MESA, Ariz. — Dixon Machado won’t forget it any time soon — the exact moment that his career, and Nico Hoerner’s, took sharp turns because of one otherwise minor quadriceps injury.
“Literally the last day of the season,” Machado said. “I hit a ground ball between third and short and was just running hard, and at the last moment I just pulled my quad.”
It was the quad that sent him halfway around the world. And launched Hoerner’s major league career.
“That was crazy,” Machado said.
Crazy? The butterfly effect begun in that moment might even continue into the early part of this season.
Machado was the Cubs’ Triple-A shortstop in 2019, a player who spent parts of the previous four seasons in the majors with the Tigers, and he was finishing a good minor-league season when he got hurt Sept. 1.
The same day, Cubs shortstop Javy Báez slid into second base and injured his thumb. A few days later, an MRI revealed a hairline fracture of the thumb, and the day after that Báez’s replacement at short, Addison Russell, was hit in the head by a pitch.
Just like that, the Cubs had no big-league shortstop.
A quad injury never hurt so much.
“Of course you want to be in the big leagues, but injuries, they just happen,” Machado said. "You cannot control them.”
Machado, who is back with the Cubs’ organization at 30 this year, is the often forgotten part of the story of what came next — the call to Double-A shortstop Nico Hoerner, literally sitting on his parents’ couch at the time, to join the team as quickly as possible to play shortstop, with the Cubs clinging to playoff hopes.
“What choice did we have?” Cubs president Jed Hoyer said. “We were in a pennant race.”
Hoerner had played exactly 89 professional game since being drafted 24th overall in 2018.
“We didn’t want to have to go get Nico off a couch,” Hoyer said. “I look back on that now, and what we did to Nico was frankly unfair. He has the makeup to be able to handle it, and he performed really well — unbelievably impressive.”
For Hoerner, it was the opportunity of a career. After performing surprisingly well down the stretch, he was in the Cubs’ big-league plans in 2020 when the pandemic wiped out the 2020 minor-league season — which would have otherwise been his own lost 2020 season if not for the fluke promotion in 2019.
If not for Machado’s quad injury, Hoerner might have been looking at a 2021 debut at best. And it’s not a reach to think he might still be looking for that debut if he had had even a fraction of the injury issues he endured last year.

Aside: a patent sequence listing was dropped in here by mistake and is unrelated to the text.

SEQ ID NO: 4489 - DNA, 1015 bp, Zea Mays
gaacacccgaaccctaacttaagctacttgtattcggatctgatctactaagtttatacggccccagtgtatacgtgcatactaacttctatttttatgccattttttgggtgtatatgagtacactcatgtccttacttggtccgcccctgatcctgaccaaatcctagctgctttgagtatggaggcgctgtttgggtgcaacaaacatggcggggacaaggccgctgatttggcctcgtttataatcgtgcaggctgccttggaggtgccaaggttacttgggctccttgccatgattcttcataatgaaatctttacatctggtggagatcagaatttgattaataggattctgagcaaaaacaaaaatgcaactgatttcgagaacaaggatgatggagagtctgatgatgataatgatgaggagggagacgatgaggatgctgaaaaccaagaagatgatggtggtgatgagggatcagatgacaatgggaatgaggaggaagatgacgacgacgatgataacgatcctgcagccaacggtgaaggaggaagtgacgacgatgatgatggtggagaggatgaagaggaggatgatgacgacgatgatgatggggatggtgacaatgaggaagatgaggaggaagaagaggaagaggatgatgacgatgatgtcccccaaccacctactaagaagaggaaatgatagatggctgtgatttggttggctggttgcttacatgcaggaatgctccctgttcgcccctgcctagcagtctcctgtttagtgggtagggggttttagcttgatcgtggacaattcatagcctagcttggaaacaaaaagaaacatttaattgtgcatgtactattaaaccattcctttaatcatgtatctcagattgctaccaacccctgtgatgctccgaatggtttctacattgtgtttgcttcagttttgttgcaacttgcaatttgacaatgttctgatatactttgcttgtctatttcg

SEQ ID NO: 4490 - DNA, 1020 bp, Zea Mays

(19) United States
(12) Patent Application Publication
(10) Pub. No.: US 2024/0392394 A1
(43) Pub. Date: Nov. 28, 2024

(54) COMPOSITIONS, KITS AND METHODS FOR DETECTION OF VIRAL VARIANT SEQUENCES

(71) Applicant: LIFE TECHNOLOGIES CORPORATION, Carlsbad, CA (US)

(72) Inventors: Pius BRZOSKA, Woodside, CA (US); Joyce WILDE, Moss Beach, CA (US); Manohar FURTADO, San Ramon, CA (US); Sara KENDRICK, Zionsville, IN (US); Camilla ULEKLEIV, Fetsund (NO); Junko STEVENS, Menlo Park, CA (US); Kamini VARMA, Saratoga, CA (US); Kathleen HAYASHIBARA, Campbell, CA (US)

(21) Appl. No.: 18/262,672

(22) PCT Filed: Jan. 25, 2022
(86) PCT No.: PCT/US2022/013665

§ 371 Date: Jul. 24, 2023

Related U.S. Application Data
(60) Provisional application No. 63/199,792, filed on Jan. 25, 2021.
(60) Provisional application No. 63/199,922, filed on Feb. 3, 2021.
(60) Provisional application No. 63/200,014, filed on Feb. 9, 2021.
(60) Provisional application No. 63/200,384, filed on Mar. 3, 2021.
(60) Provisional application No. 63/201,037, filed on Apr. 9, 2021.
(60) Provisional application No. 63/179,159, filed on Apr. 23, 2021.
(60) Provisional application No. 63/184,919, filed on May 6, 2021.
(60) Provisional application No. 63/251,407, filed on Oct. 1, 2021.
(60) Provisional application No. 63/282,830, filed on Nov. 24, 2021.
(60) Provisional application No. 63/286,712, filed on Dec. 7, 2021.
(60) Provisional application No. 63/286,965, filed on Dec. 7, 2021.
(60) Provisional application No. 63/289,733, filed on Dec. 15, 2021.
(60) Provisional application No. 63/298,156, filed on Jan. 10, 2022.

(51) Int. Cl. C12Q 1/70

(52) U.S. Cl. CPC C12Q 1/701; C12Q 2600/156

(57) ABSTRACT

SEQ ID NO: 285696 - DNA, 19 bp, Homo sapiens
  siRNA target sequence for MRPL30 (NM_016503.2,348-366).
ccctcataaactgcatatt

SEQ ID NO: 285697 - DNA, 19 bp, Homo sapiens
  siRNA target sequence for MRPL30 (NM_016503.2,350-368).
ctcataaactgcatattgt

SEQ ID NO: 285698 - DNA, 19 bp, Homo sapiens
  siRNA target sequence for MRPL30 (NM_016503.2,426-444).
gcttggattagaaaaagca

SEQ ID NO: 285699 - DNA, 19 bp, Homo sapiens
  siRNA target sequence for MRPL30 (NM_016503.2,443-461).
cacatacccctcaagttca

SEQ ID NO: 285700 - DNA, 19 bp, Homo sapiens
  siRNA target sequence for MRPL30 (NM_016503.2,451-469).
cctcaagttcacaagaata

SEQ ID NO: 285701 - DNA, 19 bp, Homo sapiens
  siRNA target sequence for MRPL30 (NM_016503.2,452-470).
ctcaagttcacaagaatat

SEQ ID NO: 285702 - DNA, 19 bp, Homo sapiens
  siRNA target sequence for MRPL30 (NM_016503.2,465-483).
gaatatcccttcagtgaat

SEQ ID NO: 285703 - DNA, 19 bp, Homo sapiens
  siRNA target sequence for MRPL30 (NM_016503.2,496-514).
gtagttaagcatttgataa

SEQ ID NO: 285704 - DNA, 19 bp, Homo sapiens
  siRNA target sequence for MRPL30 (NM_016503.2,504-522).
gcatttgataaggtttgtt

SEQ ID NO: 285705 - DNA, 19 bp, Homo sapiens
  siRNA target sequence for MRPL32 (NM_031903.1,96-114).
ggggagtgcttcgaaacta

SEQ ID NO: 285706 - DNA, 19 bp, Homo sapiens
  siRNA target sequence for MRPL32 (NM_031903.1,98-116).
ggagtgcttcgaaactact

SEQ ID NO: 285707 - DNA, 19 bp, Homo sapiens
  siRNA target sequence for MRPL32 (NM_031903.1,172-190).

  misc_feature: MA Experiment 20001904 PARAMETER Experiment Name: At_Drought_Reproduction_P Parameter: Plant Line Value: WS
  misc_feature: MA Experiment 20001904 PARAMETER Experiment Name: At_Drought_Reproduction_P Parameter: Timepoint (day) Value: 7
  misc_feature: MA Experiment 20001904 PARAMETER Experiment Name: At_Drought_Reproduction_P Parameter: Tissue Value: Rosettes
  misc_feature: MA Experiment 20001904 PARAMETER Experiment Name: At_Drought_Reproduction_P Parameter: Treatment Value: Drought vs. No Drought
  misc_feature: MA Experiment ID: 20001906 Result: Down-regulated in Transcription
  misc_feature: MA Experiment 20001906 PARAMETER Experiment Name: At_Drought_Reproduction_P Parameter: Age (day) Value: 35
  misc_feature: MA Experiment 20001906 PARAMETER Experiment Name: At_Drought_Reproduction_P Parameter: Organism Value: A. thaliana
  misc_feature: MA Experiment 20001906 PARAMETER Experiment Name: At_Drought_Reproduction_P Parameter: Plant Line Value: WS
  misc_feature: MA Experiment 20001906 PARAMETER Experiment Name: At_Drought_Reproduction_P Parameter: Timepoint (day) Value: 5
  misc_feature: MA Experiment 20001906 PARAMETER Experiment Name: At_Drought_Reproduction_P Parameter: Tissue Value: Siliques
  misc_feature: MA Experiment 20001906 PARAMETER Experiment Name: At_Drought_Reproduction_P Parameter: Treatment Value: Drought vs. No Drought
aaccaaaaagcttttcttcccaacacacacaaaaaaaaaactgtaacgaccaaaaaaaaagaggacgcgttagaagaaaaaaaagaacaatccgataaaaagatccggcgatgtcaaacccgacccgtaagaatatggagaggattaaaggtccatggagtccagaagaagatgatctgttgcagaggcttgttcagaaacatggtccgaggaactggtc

“The Sliding Doors Effect of baseball,” Hoyer said. “Those things happen; one guy doesn’t get an opportunity; one guy does.”
Not that Hoyer can remember an example this dramatic during his two decades in major-league front offices.
Machado, who believes he would have stayed with the Cubs’ organization after 2019 if he’d been available that September, ended up instead taking an offer to play professionally in Korea, where he spent the past two seasons.
“I’m a big believer in things happen for a reason,” he said. “I know that I wanted to be in the Show for sure, but that good season in Iowa took me to Korea for a couple of years, and I really enjoyed that over there. I feel like it made me a better player.”
Hoerner, who has yet to experience anything close to a “normal” season between the pandemic, injuries and the labor lockout, knows the callup in 2019 gave him an added opportunity, if not helped accelerate his own development.
“I think any player will tell you there’s not many years that’s just like, ‘This is how I envisioned it and that’s exactly what happened,’ “ he said. “That’s not really how our sport is built.”
In fact, as the final week or so of spring training plays out, Cubs starting shortstop Andrelton Simmons is working back from a sore shoulder, with Hoerner playing more short than expected in recent spring games. And while Machado was sent back to the minors out of big-league camp last week, he’s on the radar for possible big-league duty if Simmons isn’t ready by next week’s opener.
Hoerner and Machado only met this month as spring training opened.
“In baseball you need to be good,” Machado said, “and you need to be in the right place at the right time. And that was for him, and I’m happy for him that it happened that way.”